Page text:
There were these men

There were these men outside the shop today. All climbed out of one car. Dressed pretty nice. They wanted food though, not books. They were supposed to meet people for lunch at the pub, but they’d parked at the wrong end of town. I watched them working this out.

They checked phones.

One man looked through the window of my shop. He moved closer and looked again. I thought, that’s good. He didn’t come in though.

The others, bless them, look in and then look away. Politely. A bookshop.

‘Where’s the pub?’

‘Here, I reckon. That’s what he said.’

‘Who?’

‘Dale.’

‘God, as if he’d fuckin know. Where is it?’

I felt sorry for Dale. I was a dale. They milled around on the footpath, pulling at their shirts. They all bent over their phones. Except one man who looking in at me. He didn’t come in.

Then, when I looked up again, they were all gone.

Photography: Odd Man In, by Louis Stettner, 1922

The old couple trying to cross a busy road

It’s hard out there. There’s more traffic outside my shop now. There’s a bus stop, a train station, a bakery and carpark exits. Endless rushing to somewhere. This couple held hands. They wore similar bright red shorts, running shoes and white t shirts, and she carried a bottle of orange juice, and she led him. As they made their way through a gap in the traffic, she led him. They were not fast, and several cars had to slow down, one to stop altogether. The man looked at his wife, stared at her face as she led him along, and although there are horns and hurrying all day long, nobody sounded their horn at them, or otherwise insisted they hurry along.

Painting by Benjamin Bjorklund

Jesus, God, you’re a moron

I can sit and watch through the window the way people cross the road. The bakery and the bookshops are on this side, but the car park, the information centre, the art gallery, the grass, the trees, the seats, the toilets, and the playground are all over the other side. Sometimes the road is silent. But mostly it is busy. To cross over, one needs to be organised.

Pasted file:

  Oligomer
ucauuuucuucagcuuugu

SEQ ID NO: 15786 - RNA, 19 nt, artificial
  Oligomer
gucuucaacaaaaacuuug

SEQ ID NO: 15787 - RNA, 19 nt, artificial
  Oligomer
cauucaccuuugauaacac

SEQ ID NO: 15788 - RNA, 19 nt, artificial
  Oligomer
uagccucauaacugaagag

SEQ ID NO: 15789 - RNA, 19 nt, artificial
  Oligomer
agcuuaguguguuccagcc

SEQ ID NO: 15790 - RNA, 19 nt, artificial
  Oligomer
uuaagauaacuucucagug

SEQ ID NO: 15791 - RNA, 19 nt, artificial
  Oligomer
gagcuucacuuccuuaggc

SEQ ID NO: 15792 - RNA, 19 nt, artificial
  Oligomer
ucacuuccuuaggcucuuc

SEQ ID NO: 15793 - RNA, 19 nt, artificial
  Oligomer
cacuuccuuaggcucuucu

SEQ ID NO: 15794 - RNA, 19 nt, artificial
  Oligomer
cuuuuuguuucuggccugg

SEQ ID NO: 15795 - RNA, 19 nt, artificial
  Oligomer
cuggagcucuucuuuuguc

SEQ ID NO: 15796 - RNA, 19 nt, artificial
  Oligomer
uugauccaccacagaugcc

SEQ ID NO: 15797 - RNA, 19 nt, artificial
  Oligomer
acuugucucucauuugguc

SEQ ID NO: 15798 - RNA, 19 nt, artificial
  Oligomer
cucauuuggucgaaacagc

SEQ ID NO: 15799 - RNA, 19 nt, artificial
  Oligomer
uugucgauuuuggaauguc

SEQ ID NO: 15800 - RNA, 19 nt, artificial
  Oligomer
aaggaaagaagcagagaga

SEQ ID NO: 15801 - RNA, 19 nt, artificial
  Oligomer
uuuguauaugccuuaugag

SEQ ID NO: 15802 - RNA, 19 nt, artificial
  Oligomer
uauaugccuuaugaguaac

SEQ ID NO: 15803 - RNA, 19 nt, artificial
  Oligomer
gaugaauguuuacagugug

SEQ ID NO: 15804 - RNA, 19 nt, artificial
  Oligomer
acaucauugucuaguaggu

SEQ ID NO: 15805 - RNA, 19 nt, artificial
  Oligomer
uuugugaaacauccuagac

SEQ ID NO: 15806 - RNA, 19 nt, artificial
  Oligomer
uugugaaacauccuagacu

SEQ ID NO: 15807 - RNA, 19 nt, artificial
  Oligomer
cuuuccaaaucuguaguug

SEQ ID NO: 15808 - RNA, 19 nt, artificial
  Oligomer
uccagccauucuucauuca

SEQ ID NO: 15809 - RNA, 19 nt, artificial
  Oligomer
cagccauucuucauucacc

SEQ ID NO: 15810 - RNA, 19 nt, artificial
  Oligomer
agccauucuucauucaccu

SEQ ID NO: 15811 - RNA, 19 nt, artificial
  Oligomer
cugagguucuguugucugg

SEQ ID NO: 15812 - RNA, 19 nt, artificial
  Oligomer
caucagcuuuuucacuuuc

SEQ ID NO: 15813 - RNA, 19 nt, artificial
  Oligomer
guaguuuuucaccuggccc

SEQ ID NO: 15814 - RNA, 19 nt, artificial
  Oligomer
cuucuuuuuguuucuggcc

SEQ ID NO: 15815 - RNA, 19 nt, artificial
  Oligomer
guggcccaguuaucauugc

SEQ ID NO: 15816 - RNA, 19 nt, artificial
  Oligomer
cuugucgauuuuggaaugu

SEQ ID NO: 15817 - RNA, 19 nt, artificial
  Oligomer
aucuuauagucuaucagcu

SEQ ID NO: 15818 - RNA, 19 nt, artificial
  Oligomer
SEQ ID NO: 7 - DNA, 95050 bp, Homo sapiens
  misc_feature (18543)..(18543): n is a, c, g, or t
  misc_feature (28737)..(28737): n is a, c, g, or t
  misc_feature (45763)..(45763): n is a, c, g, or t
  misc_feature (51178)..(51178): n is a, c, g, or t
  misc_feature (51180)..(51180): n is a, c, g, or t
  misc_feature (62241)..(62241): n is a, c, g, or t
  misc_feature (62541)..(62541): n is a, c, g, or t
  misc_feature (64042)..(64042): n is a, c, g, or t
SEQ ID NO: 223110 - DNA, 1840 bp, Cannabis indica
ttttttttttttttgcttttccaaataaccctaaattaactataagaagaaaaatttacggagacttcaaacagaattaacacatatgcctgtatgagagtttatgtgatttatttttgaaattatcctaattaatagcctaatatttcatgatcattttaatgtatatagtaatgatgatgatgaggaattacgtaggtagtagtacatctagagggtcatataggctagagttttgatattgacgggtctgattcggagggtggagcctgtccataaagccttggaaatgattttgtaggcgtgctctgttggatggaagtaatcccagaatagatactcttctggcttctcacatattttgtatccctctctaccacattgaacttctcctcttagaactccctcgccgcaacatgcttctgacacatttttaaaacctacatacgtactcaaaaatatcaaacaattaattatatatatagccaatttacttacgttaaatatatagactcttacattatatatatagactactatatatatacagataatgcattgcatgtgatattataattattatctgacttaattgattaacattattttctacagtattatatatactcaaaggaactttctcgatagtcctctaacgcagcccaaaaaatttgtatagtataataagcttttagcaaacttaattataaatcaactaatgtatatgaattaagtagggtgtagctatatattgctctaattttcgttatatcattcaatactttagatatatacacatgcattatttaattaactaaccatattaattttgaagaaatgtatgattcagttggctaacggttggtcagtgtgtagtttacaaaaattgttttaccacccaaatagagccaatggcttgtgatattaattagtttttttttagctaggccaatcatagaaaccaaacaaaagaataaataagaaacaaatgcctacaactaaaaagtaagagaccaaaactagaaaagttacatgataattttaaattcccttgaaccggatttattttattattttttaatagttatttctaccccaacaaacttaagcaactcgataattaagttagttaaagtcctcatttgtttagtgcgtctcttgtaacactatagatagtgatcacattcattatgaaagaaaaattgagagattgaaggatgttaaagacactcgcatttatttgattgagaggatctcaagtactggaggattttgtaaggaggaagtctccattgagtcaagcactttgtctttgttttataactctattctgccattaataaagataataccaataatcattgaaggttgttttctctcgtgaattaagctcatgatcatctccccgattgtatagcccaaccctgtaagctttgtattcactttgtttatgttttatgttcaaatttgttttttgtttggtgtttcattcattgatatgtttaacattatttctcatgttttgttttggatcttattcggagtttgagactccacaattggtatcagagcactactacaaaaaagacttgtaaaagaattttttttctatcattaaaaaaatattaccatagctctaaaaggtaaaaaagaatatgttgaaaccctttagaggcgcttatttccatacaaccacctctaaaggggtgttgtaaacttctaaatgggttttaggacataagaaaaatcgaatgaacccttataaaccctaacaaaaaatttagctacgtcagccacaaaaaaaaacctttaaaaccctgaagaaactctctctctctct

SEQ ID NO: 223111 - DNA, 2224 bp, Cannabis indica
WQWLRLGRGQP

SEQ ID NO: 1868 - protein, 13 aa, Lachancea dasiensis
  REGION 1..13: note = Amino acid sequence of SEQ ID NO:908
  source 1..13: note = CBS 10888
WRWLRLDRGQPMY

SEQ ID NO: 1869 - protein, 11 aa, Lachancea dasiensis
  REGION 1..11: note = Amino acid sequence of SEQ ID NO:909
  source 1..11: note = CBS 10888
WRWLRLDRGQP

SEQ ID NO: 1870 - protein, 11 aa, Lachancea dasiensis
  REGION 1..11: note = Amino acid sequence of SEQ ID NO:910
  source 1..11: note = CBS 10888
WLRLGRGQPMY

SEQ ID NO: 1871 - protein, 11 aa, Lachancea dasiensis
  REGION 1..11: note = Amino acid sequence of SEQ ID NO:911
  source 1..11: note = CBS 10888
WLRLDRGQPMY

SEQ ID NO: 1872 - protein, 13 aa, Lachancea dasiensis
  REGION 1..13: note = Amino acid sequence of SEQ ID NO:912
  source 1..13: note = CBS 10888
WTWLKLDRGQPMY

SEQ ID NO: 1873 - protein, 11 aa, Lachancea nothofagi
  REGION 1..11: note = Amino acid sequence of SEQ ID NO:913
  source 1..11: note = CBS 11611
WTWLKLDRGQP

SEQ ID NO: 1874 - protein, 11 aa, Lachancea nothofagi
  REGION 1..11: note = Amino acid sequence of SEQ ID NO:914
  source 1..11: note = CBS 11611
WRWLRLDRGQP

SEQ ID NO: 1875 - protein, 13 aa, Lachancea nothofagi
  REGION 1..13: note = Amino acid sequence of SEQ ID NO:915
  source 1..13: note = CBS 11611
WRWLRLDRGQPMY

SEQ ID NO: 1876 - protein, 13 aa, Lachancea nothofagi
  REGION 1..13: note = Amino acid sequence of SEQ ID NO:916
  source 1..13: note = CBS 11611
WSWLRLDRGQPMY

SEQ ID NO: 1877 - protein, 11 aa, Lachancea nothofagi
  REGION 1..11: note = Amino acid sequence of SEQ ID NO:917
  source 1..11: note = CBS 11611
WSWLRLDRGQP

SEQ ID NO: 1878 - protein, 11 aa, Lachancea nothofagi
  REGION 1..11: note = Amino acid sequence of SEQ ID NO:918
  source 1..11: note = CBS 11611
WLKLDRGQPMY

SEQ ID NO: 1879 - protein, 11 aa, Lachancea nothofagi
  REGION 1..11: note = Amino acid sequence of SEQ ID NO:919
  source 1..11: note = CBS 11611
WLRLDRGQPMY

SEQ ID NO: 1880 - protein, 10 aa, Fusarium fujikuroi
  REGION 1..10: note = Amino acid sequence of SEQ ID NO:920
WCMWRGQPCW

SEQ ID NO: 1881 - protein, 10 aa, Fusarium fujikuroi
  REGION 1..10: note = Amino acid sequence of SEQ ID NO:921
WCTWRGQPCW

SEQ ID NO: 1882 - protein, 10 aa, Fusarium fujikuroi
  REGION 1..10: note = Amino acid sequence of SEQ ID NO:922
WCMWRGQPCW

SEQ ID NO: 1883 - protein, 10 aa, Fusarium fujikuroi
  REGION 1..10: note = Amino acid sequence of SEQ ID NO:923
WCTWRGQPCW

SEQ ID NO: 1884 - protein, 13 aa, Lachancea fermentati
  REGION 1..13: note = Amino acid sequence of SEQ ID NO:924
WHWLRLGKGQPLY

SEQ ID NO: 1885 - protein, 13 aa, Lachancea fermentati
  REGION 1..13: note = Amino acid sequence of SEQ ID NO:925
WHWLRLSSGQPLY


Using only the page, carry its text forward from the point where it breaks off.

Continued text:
One little girl, still holding the book she just purchased, steps from side to side, lifting one foot then the other as they wait on the kerb.  ‘This is gunna be a good one.’ She held the book up to her dad, and he looked down briefly, kindly, agreeing, but keeping an eye on the road, the kerb, the cars, his child, his life. ‘Looks good. You reckon you’ll read it?’

‘Oh yeah. Yeah. Yeah.’ She is confident. She is about eight. I could see her still piping up at him as they crossed over, and him nodding, still watching, watching, swinging his head from side to side and checking everything.

One lady has wild pink hair. Her partner raised his arm to indicate an opportunity to cross the road. She continued past my windows and crossed at a different place. She had purple jeans and orange shoes. She did not look back. She crossed alone, carrying a bag of apples.

One lady stayed on the kerb. She did not cross. She turned and stayed on my side, watching the ground as she walked. Every now and then she turned and checked the road, stopping and turning her whole body to see.

One young man strode out and across, checking his phone. A ute, travelling slowly sounded a horn. The young man gave the thumbs up, without looking away from his phone. He wore heavy work boots and a beanie. He had keys hanging from his belt. He laughed out loud and shook his head, not because of the ute but because of something on his phone; negotiating his way between virtual and real with ease and humour. At the kerb, he picked up something from the ground and handed it to a motorcyclist parked there and who was removing his helmet. The motorcyclist leaned back in surprise, and there was a conversation I could not hear. They shook hands.

A couple argued on the kerb right against my window. He said, ‘I’m not walking fast, I’m walking exactly the same as you. At a normal pace.’ She launched herself across the road, alone. He stayed outside my window and watched.

Children, not realizing the danger zone, hop. Their parents hang on, alert and scanning for wolves. ‘Come on. Walk properly.’

A motorbike sits alive outside my door waiting for a park, it’s throat rich and irritated. But the idling car stays. The motorbike lurches away, spitting angry stones.

It’s now quiet and rather beautiful outside. Across the road, the pine trees rise against the blue. Two young men on my side try to cross and are driven back by a cattle truck. One man thumps the other on the back.